RAC

Why join RAC?
After 116 years, RAC has more motoring experience than any other Breakdown organisation
We were voted Best Overall Vehicle Insurance Provider at the Personal Finance Awards 2010/11
Enjoy great member benefits

Blog

Revealed: How the Government will keep our roads safe

16 Jul 2013 at 10:53

Now, let’s make sure they stick to their word!

RAC technical director David Bizley looks at today’s Government announcement on how they intend to modernise and preserve our roads

So, here it is. The paper that has taken some time to get here due to the many wrong turns and bumpy roads on its journey, but in this one document was a healthy amount of detail that could indeed iron out the many problems in the UK’s road infrastructure.

In a step that can be seen as re-establishing the diminishing trust between the Government and the motorist, the DfT’s Command Paper: Action on Roads shows us their thinking of how our major roads and motorways can be better repaired and built.

We believe the key element of the paper is the decision to publish a Roads Investment Strategy with the funding underwritten by legislation.

The inclusion of a National Policy Statement should help to speed up the planning process and is therefore a positive step which recognises the importance of turning plans into delivery with a real sense of urgency.

The decision to follow the recommendations of the Cook Report – something we have been campaigning for – and make the Highways Agency a more commercial entity that is still ultimately responsible to the Government, should enable the agency to operate more efficiently and effectively. Ultimately, this can only benefit motorists, and indeed all tax payers.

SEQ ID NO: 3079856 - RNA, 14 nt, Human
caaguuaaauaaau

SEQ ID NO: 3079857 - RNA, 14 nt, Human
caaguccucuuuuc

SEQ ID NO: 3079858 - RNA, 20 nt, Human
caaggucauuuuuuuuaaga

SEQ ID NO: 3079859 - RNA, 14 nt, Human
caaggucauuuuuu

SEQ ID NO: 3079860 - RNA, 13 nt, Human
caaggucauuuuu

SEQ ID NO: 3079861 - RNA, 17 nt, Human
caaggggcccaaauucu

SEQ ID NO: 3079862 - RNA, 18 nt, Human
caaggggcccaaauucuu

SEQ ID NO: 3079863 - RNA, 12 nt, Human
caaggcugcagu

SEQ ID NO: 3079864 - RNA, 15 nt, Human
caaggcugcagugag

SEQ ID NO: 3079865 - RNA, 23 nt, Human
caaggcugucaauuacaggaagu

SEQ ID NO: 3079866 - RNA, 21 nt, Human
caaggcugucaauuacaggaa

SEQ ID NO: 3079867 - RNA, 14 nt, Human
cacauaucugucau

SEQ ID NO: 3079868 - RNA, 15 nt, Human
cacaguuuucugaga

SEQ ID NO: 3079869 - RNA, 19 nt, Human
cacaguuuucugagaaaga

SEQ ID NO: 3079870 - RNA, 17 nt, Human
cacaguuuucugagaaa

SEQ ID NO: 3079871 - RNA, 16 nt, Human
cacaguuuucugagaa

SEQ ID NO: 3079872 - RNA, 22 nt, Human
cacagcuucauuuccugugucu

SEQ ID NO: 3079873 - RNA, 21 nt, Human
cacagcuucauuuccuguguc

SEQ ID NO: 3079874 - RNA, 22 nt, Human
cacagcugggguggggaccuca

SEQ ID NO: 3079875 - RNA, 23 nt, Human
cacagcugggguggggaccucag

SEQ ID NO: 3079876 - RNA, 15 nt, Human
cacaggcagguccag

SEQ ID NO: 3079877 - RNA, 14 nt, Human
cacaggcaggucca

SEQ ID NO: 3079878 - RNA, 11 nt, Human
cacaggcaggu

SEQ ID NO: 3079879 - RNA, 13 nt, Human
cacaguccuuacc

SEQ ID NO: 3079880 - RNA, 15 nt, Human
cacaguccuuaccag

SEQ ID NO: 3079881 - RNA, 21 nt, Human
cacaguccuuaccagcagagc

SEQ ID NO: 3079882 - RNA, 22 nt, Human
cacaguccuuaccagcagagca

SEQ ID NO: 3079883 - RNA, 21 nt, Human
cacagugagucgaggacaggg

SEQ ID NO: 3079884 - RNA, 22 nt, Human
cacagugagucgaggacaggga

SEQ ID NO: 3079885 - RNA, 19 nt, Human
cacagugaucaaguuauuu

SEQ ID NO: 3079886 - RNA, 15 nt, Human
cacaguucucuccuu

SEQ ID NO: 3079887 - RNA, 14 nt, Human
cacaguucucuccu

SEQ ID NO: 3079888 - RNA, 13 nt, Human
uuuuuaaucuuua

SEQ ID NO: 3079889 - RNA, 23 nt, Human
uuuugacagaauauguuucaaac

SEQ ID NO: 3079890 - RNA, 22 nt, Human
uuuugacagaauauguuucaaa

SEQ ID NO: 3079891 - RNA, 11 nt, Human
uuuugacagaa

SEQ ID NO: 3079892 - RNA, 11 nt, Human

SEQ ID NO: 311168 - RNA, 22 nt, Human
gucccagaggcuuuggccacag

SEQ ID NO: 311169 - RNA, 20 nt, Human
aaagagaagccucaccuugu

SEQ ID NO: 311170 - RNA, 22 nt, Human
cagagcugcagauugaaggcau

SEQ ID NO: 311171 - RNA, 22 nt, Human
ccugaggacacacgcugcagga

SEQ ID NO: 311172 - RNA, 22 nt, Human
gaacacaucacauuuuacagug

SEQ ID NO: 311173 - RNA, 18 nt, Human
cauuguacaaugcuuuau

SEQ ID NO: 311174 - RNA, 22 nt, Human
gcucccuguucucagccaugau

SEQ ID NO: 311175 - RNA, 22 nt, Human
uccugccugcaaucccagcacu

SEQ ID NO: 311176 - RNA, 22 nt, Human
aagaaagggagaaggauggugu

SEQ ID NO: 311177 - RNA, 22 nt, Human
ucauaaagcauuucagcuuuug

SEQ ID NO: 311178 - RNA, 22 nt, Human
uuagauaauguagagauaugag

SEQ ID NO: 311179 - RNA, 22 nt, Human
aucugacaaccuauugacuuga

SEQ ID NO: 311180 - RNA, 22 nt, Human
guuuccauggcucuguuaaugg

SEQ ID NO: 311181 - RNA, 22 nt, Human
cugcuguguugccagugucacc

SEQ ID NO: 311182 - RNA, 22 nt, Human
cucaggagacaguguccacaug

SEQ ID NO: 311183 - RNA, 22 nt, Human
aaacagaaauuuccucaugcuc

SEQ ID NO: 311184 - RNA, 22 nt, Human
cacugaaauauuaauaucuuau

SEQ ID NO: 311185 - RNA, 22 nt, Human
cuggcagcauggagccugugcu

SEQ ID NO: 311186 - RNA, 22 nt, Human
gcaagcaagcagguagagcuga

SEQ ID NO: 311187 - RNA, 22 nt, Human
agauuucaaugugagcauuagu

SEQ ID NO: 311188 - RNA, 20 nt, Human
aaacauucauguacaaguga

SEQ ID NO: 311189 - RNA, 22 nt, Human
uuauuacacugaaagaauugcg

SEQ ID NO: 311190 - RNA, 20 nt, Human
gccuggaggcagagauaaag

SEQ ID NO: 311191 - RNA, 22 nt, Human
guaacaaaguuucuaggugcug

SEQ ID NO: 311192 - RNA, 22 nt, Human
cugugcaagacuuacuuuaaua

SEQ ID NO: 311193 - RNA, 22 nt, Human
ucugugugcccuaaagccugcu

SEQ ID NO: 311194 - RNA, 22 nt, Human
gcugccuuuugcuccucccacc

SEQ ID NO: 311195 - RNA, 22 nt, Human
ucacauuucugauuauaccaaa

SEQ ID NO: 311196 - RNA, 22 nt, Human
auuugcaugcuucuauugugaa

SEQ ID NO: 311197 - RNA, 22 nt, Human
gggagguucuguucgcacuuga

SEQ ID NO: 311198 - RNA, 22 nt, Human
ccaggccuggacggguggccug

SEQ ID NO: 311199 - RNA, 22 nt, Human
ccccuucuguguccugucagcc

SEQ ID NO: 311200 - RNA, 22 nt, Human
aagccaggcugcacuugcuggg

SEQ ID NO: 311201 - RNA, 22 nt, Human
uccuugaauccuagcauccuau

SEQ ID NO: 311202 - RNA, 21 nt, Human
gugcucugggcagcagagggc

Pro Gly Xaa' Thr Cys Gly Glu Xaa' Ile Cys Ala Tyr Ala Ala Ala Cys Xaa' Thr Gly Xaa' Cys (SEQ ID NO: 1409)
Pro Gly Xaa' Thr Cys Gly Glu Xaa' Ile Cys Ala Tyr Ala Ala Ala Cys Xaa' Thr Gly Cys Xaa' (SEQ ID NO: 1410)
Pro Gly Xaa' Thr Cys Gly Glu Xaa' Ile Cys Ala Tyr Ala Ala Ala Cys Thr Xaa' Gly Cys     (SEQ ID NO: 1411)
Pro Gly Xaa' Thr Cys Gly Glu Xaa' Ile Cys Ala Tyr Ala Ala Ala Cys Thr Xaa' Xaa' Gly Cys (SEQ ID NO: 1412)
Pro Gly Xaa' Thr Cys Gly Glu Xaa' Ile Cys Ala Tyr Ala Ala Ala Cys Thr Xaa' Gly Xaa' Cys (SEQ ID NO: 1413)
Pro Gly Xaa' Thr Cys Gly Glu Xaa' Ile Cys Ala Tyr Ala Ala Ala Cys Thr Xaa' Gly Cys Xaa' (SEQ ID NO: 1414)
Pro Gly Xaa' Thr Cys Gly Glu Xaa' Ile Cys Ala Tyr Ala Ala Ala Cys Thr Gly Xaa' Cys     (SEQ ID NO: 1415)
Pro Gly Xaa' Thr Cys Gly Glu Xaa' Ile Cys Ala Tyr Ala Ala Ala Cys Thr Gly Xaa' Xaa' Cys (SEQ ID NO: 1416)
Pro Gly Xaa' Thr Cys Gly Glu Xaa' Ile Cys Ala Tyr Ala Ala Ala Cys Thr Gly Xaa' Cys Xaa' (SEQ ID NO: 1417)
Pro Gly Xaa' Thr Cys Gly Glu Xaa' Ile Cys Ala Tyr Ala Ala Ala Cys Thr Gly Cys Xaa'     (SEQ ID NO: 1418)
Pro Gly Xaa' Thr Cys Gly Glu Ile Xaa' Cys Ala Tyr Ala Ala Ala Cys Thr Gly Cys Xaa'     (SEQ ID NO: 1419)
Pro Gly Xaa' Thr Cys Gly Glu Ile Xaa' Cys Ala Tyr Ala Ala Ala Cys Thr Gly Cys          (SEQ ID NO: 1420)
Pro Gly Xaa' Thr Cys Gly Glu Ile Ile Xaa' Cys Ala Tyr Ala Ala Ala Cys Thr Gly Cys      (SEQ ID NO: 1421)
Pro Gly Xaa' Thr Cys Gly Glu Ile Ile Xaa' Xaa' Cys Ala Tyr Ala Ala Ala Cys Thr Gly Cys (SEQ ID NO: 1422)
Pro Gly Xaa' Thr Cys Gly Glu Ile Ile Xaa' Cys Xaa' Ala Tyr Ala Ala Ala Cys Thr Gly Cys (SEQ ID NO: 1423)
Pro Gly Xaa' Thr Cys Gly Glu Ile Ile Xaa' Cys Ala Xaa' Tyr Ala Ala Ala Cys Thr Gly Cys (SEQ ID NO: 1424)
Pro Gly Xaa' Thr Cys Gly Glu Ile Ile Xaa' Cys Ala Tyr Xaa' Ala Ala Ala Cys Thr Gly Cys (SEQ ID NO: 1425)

As we said when in a previous blog when they gave us the headlines of these plans during the Spending Review, the key challenge now for all concerned is to not allow political change and partisan policy to blow the plans off course – something we have seen all too often in the past.

The paper notes that some projects will extend beyond the medium-term funding horizon of the Roads Investment Strategy and we hope that Government will continue to look at options to ring-fence some of the £40bn-plus per year of motoring taxes to create a genuine long-term funding stream for roads maintenance and development to underwrite such projects.

This bold investment plan must be delivered on time and within budget so that motorists and businesses can reap the benefits and we see a genuine reduction in congestion and poor road surfaces.

But it is up to us all as motorists to keep the pressure on and ensure the strategic road network is an enabler, rather than an inhibitor of economic growth.